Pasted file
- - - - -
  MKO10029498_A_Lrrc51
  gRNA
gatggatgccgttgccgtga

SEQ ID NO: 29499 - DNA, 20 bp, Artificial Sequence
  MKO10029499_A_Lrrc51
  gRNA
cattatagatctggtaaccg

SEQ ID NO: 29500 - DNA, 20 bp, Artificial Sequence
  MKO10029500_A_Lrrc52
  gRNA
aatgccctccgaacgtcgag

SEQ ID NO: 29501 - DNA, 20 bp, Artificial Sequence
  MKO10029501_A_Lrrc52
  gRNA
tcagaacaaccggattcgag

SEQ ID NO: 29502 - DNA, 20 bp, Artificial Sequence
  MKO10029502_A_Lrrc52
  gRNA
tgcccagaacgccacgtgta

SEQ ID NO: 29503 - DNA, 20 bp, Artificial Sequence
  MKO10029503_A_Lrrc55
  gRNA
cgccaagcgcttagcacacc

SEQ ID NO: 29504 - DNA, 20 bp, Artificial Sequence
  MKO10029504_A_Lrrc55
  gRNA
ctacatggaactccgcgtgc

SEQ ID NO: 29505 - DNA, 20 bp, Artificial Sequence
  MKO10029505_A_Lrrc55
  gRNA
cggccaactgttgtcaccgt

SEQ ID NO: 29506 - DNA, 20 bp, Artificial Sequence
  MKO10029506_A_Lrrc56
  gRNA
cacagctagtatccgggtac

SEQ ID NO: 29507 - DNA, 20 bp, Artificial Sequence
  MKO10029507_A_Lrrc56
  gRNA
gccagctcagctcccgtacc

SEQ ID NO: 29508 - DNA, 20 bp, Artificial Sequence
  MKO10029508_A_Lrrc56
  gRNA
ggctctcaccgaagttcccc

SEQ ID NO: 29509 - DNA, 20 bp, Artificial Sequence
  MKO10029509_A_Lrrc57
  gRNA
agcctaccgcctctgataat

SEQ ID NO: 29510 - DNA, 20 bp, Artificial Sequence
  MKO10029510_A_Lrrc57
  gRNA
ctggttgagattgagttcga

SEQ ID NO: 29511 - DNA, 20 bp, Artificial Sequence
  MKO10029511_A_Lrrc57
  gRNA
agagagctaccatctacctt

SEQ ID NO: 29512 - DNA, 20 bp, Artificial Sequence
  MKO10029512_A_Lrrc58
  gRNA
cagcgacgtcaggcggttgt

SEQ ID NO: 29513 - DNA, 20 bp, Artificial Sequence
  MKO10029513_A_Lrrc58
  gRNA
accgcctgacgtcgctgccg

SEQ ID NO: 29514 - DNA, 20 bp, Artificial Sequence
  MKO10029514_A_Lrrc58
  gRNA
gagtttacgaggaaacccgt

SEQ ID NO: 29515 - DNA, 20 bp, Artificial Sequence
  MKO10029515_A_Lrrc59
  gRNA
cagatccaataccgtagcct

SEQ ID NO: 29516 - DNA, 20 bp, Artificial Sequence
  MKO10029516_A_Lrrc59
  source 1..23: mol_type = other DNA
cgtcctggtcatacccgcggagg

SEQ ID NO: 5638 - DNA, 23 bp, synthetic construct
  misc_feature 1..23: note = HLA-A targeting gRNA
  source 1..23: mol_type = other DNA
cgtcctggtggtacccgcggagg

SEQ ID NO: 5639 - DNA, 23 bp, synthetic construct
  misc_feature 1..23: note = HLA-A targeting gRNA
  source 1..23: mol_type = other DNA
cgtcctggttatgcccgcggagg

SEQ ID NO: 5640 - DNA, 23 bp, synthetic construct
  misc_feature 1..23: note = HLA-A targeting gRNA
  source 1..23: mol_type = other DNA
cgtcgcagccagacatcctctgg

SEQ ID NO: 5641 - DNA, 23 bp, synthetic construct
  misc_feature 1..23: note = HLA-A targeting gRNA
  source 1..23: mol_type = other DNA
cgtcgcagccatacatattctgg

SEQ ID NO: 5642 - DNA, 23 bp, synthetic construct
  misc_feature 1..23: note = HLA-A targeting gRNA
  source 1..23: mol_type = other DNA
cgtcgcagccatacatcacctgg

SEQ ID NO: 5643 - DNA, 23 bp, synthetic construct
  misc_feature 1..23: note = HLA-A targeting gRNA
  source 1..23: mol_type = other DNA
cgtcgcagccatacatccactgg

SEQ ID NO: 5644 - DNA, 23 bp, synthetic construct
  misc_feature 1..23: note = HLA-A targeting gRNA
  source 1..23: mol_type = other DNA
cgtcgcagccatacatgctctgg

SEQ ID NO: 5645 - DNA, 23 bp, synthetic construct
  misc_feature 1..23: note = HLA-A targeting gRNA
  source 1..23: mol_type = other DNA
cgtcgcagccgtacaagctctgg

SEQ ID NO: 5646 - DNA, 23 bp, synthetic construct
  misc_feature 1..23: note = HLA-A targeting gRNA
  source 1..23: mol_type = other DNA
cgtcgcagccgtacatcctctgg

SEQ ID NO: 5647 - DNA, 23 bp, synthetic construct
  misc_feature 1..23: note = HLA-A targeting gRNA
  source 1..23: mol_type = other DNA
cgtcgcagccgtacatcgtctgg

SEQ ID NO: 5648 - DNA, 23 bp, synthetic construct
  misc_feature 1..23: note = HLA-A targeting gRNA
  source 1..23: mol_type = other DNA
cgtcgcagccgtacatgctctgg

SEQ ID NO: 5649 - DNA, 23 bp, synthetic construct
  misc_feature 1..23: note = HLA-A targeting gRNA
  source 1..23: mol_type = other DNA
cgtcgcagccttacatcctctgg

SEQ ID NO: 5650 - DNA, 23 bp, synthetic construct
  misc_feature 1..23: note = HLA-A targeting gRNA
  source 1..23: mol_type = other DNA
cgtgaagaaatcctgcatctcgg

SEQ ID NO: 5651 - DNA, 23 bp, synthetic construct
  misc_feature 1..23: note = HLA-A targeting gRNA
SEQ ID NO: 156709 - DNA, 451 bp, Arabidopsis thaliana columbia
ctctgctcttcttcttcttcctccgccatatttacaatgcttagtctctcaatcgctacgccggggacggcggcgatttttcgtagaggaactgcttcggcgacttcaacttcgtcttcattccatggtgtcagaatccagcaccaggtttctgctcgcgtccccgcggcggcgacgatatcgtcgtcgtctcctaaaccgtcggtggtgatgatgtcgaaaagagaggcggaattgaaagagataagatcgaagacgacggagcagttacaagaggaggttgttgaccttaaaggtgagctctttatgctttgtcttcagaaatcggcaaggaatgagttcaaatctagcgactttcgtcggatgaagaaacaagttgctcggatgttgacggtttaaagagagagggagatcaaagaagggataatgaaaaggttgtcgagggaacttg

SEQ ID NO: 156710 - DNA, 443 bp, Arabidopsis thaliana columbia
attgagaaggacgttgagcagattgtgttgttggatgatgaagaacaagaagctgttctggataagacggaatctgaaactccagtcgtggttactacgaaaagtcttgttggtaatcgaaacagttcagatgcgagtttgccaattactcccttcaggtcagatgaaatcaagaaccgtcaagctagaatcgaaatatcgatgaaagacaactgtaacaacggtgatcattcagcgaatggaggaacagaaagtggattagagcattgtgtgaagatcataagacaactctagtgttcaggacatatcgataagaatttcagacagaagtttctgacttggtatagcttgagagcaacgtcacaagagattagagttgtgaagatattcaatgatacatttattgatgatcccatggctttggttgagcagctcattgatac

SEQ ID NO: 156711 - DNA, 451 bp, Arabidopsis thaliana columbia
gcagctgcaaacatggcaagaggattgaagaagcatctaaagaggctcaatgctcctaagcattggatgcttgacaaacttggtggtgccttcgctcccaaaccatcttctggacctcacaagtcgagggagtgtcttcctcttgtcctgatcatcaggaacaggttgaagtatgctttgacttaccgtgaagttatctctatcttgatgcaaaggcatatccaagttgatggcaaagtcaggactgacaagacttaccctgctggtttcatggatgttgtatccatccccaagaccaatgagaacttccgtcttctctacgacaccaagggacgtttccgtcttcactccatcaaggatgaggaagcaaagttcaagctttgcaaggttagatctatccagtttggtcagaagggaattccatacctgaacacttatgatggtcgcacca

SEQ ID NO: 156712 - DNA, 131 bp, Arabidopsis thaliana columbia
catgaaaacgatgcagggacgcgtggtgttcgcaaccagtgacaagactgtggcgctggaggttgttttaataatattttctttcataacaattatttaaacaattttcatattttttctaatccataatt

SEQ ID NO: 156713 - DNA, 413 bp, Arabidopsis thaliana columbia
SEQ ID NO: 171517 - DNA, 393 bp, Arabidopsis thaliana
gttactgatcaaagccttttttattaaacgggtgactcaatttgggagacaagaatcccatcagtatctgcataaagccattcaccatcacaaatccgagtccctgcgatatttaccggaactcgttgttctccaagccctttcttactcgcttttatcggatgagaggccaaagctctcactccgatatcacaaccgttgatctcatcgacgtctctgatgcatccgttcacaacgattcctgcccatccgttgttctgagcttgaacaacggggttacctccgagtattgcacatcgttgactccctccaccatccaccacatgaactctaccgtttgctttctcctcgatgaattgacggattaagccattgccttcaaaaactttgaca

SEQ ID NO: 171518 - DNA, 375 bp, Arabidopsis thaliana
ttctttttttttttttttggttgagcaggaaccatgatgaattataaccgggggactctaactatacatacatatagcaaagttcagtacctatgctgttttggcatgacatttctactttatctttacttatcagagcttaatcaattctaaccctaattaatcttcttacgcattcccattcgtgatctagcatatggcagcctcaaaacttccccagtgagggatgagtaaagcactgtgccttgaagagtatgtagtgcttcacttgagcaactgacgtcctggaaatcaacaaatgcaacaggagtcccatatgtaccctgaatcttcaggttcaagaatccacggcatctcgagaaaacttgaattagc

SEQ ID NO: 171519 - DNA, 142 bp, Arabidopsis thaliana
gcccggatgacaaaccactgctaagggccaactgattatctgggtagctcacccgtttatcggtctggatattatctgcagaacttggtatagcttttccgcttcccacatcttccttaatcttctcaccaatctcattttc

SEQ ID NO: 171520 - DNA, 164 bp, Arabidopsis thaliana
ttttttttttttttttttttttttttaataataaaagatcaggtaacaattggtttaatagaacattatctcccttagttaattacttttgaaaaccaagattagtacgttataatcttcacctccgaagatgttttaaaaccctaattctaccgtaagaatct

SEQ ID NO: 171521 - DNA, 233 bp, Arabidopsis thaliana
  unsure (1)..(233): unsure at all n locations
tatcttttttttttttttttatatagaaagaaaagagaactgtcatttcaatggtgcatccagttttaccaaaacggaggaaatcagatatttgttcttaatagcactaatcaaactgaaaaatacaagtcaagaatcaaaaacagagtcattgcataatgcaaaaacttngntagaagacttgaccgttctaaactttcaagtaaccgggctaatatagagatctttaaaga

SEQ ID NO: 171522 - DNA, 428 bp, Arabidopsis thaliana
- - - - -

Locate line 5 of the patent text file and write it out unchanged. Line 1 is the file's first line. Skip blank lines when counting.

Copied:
  MKO10029499_A_Lrrc51